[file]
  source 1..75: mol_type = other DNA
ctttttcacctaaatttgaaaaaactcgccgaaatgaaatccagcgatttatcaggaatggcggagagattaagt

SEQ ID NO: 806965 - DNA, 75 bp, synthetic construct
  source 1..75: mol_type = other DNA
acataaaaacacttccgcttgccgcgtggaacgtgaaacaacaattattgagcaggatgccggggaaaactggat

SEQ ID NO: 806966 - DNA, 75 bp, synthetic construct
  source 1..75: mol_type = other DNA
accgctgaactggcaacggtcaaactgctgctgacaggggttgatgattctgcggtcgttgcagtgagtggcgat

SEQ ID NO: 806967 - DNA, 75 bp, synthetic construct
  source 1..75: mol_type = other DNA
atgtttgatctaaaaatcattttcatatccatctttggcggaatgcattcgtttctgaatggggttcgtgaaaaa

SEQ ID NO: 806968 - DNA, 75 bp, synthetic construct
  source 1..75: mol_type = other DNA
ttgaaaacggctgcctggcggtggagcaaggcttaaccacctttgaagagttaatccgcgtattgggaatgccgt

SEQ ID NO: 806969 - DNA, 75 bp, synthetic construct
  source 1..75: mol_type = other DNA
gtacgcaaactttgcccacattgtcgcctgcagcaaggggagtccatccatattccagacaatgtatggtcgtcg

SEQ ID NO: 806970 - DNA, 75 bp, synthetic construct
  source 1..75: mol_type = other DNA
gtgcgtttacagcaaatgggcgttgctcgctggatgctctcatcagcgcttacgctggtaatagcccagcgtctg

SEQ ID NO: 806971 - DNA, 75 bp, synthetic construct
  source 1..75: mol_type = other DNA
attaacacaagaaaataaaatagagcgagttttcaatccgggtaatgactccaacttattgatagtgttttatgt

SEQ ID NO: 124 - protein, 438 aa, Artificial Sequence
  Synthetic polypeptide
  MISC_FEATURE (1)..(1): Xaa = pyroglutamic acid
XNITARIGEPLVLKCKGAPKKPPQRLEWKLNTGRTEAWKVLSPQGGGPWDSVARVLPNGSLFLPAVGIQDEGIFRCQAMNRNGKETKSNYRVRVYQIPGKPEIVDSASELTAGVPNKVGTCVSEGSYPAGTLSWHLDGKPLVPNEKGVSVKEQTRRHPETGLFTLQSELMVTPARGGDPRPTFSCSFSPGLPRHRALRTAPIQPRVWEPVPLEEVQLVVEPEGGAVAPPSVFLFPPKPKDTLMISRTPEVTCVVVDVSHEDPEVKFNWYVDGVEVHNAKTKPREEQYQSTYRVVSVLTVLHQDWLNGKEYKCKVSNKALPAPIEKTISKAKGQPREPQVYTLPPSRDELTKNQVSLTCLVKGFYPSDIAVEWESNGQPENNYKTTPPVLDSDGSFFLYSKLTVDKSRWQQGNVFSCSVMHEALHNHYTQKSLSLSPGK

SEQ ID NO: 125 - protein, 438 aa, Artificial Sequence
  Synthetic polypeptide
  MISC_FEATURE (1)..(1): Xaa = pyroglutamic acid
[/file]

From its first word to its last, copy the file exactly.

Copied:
  source 1..75: mol_type = other DNA
ctttttcacctaaatttgaaaaaactcgccgaaatgaaatccagcgatttatcaggaatggcggagagattaagt

SEQ ID NO: 806965 - DNA, 75 bp, synthetic construct
  source 1..75: mol_type = other DNA
acataaaaacacttccgcttgccgcgtggaacgtgaaacaacaattattgagcaggatgccggggaaaactggat

SEQ ID NO: 806966 - DNA, 75 bp, synthetic construct
  source 1..75: mol_type = other DNA
accgctgaactggcaacggtcaaactgctgctgacaggggttgatgattctgcggtcgttgcagtgagtggcgat

SEQ ID NO: 806967 - DNA, 75 bp, synthetic construct
  source 1..75: mol_type = other DNA
atgtttgatctaaaaatcattttcatatccatctttggcggaatgcattcgtttctgaatggggttcgtgaaaaa

SEQ ID NO: 806968 - DNA, 75 bp, synthetic construct
  source 1..75: mol_type = other DNA
ttgaaaacggctgcctggcggtggagcaaggcttaaccacctttgaagagttaatccgcgtattgggaatgccgt

SEQ ID NO: 806969 - DNA, 75 bp, synthetic construct
  source 1..75: mol_type = other DNA
gtacgcaaactttgcccacattgtcgcctgcagcaaggggagtccatccatattccagacaatgtatggtcgtcg

SEQ ID NO: 806970 - DNA, 75 bp, synthetic construct
  source 1..75: mol_type = other DNA
gtgcgtttacagcaaatgggcgttgctcgctggatgctctcatcagcgcttacgctggtaatagcccagcgtctg

SEQ ID NO: 806971 - DNA, 75 bp, synthetic construct
  source 1..75: mol_type = other DNA
attaacacaagaaaataaaatagagcgagttttcaatccgggtaatgactccaacttattgatagtgttttatgt

SEQ ID NO: 124 - protein, 438 aa, Artificial Sequence
  Synthetic polypeptide
  MISC_FEATURE (1)..(1): Xaa = pyroglutamic acid
XNITARIGEPLVLKCKGAPKKPPQRLEWKLNTGRTEAWKVLSPQGGGPWDSVARVLPNGSLFLPAVGIQDEGIFRCQAMNRNGKETKSNYRVRVYQIPGKPEIVDSASELTAGVPNKVGTCVSEGSYPAGTLSWHLDGKPLVPNEKGVSVKEQTRRHPETGLFTLQSELMVTPARGGDPRPTFSCSFSPGLPRHRALRTAPIQPRVWEPVPLEEVQLVVEPEGGAVAPPSVFLFPPKPKDTLMISRTPEVTCVVVDVSHEDPEVKFNWYVDGVEVHNAKTKPREEQYQSTYRVVSVLTVLHQDWLNGKEYKCKVSNKALPAPIEKTISKAKGQPREPQVYTLPPSRDELTKNQVSLTCLVKGFYPSDIAVEWESNGQPENNYKTTPPVLDSDGSFFLYSKLTVDKSRWQQGNVFSCSVMHEALHNHYTQKSLSLSPGK

SEQ ID NO: 125 - protein, 438 aa, Artificial Sequence
  Synthetic polypeptide
  MISC_FEATURE (1)..(1): Xaa = pyroglutamic acid